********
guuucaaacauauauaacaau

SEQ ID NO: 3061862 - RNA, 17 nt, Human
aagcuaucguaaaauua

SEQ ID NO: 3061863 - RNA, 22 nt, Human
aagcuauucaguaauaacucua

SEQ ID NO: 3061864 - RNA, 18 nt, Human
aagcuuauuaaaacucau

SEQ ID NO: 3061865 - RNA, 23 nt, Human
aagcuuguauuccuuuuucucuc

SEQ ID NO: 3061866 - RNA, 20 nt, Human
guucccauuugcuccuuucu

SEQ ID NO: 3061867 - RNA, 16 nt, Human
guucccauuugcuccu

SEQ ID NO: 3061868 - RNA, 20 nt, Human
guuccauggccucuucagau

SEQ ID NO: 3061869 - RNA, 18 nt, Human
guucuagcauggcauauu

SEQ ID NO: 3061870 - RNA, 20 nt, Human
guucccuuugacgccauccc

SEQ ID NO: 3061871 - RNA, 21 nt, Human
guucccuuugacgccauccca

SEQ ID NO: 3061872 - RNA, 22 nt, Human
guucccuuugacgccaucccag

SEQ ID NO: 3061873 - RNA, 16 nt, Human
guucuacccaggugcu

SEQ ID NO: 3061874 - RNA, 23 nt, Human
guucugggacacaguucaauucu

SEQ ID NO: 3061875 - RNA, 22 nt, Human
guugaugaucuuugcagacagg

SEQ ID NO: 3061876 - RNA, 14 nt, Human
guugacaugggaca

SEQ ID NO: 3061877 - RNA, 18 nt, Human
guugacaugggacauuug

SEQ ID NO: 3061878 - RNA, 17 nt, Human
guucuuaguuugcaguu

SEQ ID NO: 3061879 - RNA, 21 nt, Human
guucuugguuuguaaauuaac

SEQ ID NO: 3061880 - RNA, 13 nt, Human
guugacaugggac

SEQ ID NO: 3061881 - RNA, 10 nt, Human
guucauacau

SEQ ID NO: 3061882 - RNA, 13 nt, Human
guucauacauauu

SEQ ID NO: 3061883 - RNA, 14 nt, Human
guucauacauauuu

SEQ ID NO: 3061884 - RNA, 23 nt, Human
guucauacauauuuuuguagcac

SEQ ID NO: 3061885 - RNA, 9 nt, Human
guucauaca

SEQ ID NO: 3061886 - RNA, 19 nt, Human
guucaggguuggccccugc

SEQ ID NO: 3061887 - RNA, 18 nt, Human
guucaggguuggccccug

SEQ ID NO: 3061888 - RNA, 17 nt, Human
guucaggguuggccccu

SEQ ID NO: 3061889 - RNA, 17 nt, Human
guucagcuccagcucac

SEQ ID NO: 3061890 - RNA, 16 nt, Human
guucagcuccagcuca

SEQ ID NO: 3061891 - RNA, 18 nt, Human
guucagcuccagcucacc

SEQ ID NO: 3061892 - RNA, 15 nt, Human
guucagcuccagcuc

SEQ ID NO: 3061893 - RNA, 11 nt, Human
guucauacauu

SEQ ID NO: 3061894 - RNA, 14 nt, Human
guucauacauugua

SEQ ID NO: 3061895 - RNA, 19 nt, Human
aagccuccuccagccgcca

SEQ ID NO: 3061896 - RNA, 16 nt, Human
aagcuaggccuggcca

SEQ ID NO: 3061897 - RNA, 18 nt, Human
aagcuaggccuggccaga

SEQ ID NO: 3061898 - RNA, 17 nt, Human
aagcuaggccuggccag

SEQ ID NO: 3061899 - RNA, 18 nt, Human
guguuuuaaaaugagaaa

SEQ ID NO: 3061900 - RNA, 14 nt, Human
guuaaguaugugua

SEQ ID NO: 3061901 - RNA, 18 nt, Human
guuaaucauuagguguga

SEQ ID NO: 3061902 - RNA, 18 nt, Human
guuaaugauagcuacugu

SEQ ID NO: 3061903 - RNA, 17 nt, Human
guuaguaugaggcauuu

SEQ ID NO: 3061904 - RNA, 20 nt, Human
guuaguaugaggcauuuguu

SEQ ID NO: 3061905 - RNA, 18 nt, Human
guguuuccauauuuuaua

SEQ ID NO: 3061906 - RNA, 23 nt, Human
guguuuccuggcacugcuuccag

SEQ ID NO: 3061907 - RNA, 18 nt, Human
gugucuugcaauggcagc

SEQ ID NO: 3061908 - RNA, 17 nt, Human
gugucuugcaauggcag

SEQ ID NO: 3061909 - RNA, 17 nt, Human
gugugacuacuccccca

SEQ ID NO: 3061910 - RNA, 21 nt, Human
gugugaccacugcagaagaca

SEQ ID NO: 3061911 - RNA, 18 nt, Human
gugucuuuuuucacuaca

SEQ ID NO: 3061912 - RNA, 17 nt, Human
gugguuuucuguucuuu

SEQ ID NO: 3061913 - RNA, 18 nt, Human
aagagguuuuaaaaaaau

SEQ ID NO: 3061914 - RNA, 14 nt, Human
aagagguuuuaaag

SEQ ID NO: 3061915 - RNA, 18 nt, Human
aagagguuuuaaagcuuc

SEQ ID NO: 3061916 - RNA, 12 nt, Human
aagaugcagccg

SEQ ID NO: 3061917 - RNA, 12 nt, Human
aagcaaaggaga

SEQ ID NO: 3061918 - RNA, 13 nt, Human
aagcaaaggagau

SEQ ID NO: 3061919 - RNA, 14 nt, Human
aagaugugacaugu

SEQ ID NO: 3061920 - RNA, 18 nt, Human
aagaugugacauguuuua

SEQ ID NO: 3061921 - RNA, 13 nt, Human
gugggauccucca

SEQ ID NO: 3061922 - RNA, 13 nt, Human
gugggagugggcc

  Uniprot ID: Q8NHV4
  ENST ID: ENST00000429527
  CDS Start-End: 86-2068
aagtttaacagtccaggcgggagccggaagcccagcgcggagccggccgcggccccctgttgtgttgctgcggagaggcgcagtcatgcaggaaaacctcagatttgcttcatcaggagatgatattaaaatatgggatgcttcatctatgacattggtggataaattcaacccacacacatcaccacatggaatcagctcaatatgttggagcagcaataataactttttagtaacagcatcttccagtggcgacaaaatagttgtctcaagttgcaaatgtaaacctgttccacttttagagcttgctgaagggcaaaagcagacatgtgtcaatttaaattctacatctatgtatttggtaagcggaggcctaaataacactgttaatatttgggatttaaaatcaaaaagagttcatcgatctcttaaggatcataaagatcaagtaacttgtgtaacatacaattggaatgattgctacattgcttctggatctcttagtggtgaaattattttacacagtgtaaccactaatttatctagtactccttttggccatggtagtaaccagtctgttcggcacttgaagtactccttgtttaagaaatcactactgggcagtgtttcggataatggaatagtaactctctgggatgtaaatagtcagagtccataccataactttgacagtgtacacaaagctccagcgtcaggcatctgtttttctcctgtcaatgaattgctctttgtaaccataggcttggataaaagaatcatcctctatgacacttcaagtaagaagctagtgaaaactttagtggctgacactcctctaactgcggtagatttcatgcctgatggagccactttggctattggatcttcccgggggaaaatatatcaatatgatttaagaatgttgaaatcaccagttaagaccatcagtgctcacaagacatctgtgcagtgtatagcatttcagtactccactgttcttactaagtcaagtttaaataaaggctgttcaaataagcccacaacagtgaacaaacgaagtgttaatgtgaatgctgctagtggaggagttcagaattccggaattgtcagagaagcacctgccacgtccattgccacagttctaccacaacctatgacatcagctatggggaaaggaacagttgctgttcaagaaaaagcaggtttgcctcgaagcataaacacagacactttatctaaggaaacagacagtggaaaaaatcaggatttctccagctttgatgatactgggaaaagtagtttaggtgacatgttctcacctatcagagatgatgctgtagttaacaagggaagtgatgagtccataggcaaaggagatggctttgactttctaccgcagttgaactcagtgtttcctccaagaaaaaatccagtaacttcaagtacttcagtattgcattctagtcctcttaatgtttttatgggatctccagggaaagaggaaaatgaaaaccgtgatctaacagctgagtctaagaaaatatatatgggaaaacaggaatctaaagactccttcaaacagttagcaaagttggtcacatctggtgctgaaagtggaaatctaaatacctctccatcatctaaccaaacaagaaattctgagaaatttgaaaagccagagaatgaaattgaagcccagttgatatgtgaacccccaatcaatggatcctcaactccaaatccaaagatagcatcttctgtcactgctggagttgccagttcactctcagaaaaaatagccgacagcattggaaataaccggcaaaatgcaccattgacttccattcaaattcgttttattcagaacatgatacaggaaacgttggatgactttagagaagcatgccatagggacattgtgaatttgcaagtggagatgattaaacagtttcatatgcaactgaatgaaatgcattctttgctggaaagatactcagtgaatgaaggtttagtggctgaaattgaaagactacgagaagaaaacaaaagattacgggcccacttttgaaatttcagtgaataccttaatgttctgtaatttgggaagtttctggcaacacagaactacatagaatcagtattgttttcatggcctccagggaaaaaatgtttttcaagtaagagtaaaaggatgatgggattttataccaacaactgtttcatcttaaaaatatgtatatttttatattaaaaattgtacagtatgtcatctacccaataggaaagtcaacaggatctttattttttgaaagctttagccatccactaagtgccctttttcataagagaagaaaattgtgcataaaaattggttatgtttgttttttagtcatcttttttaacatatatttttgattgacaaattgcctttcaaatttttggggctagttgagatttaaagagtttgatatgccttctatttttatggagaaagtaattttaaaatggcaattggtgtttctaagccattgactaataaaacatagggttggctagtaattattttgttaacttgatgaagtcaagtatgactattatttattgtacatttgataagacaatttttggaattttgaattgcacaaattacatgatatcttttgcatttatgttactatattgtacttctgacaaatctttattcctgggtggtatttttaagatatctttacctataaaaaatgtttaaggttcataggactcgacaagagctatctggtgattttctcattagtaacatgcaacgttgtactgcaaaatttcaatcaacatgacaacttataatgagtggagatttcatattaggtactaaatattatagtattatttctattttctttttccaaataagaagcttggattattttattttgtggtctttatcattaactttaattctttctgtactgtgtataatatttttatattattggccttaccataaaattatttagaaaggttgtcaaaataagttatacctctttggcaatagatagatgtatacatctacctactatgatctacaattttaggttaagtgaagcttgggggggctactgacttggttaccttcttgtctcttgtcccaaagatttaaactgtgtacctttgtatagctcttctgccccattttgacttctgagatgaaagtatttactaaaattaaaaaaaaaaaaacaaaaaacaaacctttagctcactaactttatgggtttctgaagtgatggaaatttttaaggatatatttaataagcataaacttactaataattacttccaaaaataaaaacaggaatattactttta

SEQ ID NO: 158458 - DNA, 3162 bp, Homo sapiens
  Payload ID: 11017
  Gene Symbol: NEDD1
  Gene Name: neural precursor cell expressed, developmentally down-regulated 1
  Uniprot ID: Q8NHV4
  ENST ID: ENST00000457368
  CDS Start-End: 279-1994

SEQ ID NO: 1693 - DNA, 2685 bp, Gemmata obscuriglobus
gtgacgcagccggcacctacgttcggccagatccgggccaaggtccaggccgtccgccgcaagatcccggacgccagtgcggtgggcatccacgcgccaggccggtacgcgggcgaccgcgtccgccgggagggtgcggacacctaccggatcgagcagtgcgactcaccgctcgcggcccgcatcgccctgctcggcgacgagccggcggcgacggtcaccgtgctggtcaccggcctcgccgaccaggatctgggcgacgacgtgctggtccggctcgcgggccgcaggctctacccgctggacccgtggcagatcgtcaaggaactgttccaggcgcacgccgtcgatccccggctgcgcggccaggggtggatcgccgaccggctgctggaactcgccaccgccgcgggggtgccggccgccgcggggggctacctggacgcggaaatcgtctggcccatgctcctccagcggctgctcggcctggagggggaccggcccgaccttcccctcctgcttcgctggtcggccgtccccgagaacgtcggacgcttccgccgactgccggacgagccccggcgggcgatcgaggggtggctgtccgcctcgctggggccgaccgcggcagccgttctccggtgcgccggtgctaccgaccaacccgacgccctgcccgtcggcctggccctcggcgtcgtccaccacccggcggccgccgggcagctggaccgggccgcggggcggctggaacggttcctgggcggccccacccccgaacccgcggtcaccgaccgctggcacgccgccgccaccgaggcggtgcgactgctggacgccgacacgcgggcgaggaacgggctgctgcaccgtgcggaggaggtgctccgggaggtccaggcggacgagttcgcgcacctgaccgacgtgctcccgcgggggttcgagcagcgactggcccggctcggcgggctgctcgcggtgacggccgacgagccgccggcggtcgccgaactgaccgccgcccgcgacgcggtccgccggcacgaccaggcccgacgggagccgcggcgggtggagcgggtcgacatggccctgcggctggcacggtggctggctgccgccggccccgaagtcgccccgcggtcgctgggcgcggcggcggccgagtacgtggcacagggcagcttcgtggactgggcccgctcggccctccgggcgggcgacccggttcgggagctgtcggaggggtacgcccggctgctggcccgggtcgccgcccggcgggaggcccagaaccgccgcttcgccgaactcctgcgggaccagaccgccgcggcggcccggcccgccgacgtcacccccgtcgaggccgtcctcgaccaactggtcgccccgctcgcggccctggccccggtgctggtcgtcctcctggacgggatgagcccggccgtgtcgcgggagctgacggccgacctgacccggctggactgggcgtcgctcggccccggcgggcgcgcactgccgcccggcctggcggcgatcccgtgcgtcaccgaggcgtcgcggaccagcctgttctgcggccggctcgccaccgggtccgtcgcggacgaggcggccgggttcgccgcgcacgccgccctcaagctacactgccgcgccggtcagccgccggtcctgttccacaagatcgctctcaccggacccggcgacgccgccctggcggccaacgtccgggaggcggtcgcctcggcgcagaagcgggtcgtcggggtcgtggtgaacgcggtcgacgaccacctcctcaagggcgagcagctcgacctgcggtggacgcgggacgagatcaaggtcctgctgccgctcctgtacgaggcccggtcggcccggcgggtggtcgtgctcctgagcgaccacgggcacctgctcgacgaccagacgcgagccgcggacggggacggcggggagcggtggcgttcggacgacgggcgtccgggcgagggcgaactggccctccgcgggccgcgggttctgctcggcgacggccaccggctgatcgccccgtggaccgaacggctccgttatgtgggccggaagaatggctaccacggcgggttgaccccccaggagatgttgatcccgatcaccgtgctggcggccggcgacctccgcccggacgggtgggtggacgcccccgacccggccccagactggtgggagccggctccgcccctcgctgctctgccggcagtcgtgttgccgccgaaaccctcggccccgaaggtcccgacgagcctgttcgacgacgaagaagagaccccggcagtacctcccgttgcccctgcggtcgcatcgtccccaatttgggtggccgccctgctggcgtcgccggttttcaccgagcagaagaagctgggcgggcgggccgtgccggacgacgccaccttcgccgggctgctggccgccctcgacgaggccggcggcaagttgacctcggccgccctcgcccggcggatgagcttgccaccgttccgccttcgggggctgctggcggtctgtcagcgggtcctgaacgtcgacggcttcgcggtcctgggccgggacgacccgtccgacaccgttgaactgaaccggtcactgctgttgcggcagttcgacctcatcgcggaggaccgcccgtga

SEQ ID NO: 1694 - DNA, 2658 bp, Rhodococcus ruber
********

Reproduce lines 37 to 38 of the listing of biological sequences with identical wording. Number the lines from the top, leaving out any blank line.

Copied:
guucuugguuuguaaauuaac

SEQ ID NO: 3061880 - RNA, 13 nt, Human